Surfrider Pacific Rim has teamed up with Arc’teryx to develop and digitize the Youth Environmental Stewardship (YES) Program for teens across British Columbia, Canada and beyond.
The outdoor clothing company recently dropped a cool $15,000 donation on the environmental non-profit, which they will use to create a hub of free online resources to support both teacher-led YES curriculum and student-led Surfrider youth clubs.
Arc’teryx ambassador and Canadian surf legend Pete Devries said the company was the one that originally approached him with the desire to support an ocean-based initiative.
“Surfrider is all about the beach and the ocean and honestly they do a ton in the community and I just thought it was the perfect fit to try and help support that,” said Devries.
Surfrider youth lead Alys Hoyland is eager to dive into the project pronto. On Nov. 13, local Surfrider crew are set to gather with like-minded students from the University of Victoria and the UBC Surf Club to help shape the Ocean-Friendly Schools curriculum.
“It’s going to be youth-led so it needs to be designed by youth,” said Hoyland.
“The idea ties in with the other ocean-friendly initiatives that we have going on like the business and ocean-friendly corridor. We’ve done a lot of work with the business community. The YES Program for now has been really centered on work with Maaqtusiis and Ucluelet Secondary. The idea of the ocean-friendly schools program would be to design something that is applicable anywhere in B.C.,” she said.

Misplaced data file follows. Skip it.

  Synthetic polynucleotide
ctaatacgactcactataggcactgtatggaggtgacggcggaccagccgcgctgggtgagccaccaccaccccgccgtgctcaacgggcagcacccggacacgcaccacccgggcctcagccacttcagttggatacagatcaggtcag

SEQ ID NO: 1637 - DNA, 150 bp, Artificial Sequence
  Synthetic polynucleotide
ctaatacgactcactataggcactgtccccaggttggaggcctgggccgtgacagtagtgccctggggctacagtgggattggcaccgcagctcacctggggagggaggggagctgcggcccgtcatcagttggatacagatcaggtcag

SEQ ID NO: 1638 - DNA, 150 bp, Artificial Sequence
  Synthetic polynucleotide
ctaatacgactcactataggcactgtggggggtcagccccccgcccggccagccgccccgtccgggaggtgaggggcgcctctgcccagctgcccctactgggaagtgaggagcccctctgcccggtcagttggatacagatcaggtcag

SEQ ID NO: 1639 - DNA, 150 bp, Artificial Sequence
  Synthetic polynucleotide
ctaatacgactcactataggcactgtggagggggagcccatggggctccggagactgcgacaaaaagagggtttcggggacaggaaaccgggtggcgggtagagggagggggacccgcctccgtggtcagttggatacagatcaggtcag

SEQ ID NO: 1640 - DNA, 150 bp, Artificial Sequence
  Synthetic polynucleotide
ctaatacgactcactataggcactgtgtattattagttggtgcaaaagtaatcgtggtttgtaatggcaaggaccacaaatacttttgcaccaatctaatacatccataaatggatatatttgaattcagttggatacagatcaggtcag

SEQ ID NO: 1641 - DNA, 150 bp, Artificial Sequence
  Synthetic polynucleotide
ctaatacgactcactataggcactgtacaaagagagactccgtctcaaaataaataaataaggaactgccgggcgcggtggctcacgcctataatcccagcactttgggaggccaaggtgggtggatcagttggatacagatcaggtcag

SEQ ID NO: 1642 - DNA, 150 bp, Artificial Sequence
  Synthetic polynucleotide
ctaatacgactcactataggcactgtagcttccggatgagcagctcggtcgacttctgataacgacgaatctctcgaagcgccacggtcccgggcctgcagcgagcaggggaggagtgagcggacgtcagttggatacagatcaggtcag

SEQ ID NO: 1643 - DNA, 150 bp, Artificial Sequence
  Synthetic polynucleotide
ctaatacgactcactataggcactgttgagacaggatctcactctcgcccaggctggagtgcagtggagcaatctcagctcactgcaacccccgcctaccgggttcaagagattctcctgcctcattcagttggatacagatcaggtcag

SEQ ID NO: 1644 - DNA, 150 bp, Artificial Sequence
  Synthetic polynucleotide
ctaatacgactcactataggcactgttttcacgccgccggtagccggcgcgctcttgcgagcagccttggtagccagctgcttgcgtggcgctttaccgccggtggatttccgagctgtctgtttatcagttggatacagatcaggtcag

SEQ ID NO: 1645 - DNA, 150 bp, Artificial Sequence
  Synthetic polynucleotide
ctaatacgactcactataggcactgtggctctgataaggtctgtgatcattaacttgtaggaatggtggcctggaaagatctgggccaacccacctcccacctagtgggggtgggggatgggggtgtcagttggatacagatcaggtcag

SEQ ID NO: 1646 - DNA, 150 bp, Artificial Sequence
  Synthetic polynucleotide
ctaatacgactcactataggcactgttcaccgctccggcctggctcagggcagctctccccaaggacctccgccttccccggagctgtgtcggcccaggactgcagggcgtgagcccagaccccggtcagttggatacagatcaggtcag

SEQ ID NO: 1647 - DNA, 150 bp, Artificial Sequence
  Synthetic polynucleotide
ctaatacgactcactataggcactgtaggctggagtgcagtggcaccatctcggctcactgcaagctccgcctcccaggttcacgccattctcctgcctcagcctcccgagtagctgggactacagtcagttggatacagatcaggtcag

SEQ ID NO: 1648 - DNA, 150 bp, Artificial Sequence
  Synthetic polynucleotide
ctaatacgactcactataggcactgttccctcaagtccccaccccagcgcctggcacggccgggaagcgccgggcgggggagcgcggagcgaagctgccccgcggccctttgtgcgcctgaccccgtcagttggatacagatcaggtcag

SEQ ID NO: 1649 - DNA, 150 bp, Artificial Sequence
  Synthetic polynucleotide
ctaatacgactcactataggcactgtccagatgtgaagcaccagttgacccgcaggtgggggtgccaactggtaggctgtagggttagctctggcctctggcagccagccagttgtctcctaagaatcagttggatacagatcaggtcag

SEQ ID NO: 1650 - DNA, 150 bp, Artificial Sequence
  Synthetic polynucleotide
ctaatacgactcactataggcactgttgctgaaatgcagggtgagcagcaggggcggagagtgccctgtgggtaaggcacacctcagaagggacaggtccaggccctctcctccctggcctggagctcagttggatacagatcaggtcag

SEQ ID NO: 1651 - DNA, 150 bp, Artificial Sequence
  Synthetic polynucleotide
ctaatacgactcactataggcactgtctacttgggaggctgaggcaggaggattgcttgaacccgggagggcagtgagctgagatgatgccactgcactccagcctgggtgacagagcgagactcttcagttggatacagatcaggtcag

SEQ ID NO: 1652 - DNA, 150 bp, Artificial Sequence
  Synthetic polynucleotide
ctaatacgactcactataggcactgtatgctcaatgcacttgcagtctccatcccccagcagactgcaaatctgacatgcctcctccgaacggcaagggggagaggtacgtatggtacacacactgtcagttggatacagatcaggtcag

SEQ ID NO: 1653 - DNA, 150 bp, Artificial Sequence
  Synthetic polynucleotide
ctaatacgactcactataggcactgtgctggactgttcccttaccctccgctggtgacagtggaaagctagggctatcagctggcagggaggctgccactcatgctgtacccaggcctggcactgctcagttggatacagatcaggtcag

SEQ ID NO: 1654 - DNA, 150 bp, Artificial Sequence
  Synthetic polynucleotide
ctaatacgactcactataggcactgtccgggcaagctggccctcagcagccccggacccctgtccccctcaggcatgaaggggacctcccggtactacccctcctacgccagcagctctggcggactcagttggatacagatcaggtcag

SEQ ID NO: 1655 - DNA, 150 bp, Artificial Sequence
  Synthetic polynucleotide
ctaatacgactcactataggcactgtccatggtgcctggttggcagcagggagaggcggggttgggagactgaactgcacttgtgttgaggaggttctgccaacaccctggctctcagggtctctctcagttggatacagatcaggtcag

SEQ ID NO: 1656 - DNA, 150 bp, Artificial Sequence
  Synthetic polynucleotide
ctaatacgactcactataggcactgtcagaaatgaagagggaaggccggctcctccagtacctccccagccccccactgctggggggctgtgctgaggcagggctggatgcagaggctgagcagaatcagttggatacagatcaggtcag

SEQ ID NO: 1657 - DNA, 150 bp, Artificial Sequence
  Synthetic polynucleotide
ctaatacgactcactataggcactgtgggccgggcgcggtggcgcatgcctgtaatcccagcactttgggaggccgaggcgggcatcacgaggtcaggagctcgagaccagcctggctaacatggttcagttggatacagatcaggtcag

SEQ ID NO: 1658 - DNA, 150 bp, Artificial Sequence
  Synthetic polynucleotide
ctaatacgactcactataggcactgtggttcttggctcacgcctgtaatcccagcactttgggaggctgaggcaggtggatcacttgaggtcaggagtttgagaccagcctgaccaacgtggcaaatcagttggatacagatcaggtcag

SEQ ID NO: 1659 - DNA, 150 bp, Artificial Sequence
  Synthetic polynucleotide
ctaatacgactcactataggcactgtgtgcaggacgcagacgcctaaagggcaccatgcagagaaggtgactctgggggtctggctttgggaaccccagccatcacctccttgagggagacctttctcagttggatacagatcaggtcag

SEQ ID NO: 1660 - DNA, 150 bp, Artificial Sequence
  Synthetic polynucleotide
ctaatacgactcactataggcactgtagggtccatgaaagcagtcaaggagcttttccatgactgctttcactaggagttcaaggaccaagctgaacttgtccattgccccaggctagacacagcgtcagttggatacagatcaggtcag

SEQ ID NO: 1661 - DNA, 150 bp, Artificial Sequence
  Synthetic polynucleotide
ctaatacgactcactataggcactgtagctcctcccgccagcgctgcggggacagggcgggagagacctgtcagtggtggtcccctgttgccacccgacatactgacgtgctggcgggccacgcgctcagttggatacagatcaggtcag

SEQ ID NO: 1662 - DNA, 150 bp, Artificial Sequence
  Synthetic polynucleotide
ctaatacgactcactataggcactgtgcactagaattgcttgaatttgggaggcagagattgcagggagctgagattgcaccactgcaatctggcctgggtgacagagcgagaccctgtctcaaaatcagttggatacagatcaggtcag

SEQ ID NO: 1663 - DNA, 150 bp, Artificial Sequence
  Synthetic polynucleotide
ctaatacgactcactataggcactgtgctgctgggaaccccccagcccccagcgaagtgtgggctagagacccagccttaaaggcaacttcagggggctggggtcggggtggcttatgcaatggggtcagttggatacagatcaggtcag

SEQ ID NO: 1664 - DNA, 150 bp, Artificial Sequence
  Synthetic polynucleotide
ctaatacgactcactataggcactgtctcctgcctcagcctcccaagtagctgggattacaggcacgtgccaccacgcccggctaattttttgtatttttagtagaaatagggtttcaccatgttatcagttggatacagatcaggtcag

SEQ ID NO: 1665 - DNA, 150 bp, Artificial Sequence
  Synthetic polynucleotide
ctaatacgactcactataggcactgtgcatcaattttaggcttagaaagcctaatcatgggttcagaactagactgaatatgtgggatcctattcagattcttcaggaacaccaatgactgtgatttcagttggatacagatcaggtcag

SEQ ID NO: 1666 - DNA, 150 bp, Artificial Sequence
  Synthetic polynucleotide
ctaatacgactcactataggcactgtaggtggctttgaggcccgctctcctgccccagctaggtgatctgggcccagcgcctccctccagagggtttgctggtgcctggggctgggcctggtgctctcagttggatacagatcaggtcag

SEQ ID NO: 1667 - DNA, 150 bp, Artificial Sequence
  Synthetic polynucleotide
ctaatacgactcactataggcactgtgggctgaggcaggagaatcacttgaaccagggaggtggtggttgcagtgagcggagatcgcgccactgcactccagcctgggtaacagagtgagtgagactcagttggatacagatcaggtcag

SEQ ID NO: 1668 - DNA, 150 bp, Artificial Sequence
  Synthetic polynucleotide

YES Program materials will encompass downloadable lesson plans, videos, and an Ocean Friendly Schools toolkit designed to support youth environmental stewards to take action in their communities.
Devries, who joined Arc’teryx as an ambassador in March 2020, said he’s enjoying the collaborative involvement and community support he’s getting from the company.
“It’s something you don’t see with a lot of say surf brands. Their whole mantra right now is getting people outside and enjoying the things they love and trying take care of what we love as well,” said Devries, adding that while they don’t make wetsuits (yet) they make outerwear designed for coastal climates.
He went on to highlight a new Arc’teryx circularity program called ‘ReBird’ that involves tackling waste issues by upcycling, resale, and care and repair.
“Like Surfrider’s Wetsuit Reincarnation program, instead of getting rid of old gear they are recycling it and remaking it into a different product. All of it is just a great fit for them and for Surfrider. Hopefully it’s a partnership that can continue whether I’m involved or not,” said Devries.
The Clayoquot Biosphere Trust also awarded Surfrider with a $5,000 grant to help with the YES Program. If you’re an educator interested in delivering this program with your class, or would like information about setting up a Surfrider Youth Club at your school, please contact firstname.lastname@example.org.
RELATED: Tofino-Ucluelet Surfrider Youth Club receives Wavemaker Award
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